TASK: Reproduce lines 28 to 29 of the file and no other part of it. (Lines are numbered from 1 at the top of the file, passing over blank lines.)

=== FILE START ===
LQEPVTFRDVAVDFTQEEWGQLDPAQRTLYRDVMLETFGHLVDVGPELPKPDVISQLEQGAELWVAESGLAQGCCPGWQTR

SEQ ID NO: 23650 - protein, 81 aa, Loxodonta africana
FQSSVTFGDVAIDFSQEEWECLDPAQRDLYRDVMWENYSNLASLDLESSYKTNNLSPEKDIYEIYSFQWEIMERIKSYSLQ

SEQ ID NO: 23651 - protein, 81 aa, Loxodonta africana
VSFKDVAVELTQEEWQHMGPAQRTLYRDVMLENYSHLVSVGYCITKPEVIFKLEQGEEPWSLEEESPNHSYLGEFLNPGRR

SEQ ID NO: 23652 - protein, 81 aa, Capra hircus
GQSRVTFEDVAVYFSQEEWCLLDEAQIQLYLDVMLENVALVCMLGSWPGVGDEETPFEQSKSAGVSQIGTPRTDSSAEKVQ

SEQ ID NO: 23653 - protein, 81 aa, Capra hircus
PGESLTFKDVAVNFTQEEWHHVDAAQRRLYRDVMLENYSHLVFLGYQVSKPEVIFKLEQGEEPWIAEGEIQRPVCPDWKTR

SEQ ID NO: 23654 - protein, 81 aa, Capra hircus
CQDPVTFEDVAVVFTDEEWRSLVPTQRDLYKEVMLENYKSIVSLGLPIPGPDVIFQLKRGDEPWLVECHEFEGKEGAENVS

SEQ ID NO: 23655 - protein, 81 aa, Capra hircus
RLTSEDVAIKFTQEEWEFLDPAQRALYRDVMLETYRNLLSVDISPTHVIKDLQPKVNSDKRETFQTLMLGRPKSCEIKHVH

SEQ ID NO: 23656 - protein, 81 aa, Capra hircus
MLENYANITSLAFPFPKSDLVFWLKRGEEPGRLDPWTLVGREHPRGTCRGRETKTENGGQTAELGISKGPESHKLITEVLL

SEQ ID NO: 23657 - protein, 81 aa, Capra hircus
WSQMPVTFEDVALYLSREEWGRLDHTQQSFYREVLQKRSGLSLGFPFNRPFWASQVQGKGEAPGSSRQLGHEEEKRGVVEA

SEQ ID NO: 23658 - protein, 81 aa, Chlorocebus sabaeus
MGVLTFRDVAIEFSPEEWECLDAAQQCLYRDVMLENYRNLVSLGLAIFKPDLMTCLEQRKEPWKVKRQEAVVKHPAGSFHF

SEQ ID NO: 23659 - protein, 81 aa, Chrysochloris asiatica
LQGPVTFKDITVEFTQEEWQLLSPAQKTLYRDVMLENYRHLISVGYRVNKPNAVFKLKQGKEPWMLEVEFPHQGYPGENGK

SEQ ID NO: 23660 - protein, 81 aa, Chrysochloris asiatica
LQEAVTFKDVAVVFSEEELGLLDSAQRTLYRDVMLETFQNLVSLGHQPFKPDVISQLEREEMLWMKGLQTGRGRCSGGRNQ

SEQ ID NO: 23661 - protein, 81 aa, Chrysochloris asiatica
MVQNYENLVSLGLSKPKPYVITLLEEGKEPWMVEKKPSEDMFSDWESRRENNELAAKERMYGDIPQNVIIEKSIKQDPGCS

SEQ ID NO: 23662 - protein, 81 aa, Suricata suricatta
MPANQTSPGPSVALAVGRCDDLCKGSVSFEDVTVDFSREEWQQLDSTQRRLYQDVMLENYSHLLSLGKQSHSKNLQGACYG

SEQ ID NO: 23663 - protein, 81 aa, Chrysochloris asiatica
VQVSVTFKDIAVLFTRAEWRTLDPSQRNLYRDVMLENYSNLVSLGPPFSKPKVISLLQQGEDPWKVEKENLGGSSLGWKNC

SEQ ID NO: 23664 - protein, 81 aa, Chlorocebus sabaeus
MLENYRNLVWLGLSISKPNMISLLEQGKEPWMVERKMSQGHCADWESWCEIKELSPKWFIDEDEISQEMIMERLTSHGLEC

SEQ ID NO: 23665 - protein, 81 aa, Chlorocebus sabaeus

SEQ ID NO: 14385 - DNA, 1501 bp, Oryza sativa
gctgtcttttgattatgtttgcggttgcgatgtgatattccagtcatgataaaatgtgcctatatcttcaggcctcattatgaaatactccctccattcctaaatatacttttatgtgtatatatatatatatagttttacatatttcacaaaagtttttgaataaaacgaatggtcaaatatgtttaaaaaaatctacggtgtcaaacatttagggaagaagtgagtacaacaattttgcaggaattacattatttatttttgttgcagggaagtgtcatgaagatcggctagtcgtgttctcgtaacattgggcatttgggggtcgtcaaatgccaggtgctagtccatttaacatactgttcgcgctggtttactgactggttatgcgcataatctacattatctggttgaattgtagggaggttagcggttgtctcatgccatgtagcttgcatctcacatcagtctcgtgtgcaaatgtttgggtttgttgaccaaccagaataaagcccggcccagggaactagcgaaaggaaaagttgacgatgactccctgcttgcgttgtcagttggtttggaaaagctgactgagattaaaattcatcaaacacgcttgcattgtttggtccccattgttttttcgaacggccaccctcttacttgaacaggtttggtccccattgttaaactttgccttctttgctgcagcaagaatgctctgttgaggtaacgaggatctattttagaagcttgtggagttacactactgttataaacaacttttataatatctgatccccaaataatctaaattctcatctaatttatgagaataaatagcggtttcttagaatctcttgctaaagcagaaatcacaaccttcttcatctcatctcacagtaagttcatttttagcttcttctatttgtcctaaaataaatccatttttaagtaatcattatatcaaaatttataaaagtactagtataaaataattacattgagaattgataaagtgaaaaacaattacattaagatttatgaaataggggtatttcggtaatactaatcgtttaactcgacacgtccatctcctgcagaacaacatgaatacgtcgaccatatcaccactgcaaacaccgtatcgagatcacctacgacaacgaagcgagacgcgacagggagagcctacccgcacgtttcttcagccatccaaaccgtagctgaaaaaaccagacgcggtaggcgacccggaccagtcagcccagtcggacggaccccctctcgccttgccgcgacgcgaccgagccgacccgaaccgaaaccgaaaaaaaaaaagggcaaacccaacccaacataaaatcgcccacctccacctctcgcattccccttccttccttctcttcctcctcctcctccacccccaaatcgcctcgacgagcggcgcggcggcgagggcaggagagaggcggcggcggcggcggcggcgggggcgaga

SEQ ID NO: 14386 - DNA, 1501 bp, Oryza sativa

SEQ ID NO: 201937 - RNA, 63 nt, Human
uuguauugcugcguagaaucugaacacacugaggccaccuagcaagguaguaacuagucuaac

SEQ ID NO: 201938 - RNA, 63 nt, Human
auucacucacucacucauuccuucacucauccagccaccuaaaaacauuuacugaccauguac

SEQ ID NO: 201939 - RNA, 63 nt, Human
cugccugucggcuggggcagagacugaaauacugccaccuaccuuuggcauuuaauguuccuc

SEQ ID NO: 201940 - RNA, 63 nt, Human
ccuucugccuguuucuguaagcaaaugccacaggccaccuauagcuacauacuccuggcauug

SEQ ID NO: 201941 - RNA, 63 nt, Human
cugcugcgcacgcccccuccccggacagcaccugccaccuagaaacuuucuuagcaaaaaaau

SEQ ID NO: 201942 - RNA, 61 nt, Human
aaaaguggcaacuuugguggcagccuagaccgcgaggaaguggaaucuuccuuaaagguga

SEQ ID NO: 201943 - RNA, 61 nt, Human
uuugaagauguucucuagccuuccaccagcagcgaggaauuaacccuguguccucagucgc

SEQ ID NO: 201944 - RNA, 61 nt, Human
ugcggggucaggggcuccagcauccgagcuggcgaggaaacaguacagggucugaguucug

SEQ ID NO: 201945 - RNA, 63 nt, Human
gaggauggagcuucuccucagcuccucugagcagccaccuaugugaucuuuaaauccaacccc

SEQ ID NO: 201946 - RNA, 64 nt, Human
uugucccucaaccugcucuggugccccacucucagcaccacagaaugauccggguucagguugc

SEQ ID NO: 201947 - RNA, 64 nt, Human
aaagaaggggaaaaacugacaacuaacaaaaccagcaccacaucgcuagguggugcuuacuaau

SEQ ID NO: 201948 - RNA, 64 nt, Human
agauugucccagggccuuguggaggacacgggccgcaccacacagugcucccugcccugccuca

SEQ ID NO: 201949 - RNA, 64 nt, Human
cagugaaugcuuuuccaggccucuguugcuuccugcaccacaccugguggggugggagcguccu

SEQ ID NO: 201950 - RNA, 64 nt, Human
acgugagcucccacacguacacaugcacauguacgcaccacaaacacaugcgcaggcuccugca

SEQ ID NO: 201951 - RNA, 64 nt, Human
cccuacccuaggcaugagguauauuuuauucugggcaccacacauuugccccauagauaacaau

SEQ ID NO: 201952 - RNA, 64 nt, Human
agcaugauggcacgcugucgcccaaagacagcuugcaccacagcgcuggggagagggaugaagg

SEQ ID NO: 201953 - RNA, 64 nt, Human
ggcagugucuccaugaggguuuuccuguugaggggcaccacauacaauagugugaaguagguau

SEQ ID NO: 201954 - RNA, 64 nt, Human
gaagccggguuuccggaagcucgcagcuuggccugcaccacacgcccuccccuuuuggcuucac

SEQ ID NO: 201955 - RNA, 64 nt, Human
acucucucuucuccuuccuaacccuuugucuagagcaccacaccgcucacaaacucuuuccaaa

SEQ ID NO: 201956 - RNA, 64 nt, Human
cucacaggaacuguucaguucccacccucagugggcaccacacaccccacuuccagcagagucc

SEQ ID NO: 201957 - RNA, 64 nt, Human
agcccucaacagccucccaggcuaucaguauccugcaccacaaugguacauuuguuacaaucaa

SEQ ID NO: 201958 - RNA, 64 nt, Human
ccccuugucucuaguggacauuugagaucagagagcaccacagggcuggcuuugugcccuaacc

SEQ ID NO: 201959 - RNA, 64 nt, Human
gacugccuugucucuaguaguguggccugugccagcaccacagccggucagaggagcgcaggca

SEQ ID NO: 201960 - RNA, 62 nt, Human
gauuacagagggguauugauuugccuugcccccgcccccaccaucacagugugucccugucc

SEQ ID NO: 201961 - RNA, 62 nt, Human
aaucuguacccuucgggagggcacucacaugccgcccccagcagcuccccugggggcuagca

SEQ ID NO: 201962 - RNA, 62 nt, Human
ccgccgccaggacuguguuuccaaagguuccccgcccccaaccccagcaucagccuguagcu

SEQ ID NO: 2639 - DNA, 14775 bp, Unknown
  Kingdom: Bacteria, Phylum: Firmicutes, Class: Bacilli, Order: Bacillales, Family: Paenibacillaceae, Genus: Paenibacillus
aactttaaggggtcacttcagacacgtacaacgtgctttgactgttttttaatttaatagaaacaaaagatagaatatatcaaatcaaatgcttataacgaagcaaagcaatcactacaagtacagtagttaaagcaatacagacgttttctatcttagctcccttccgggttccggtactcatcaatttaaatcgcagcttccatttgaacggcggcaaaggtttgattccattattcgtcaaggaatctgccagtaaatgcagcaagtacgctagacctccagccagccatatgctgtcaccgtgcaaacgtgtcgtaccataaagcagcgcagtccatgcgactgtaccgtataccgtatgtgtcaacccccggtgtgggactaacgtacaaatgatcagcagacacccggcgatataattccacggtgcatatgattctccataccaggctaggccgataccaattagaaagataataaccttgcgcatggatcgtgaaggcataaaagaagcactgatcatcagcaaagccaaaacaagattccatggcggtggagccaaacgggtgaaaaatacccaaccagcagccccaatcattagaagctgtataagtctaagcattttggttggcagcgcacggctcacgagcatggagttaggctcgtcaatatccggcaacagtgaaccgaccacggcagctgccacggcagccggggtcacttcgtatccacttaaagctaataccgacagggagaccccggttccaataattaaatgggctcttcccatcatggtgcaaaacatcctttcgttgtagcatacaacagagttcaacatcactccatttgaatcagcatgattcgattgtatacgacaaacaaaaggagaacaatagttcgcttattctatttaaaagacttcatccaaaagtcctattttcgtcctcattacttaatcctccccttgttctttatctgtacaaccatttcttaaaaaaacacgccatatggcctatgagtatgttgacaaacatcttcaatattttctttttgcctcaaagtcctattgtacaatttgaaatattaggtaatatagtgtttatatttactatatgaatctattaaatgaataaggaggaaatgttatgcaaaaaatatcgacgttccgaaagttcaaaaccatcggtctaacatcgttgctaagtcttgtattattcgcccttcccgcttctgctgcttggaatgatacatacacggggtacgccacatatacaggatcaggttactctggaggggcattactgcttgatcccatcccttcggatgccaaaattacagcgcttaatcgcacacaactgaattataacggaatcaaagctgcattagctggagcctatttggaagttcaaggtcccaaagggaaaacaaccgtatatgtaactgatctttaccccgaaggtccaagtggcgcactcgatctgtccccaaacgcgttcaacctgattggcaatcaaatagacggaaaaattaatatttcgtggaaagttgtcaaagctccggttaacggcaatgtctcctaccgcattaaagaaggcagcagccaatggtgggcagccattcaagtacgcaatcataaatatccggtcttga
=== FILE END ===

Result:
SEQ ID NO: 23663 - protein, 81 aa, Chrysochloris asiatica
VQVSVTFKDIAVLFTRAEWRTLDPSQRNLYRDVMLENYSNLVSLGPPFSKPKVISLLQQGEDPWKVEKENLGGSSLGWKNC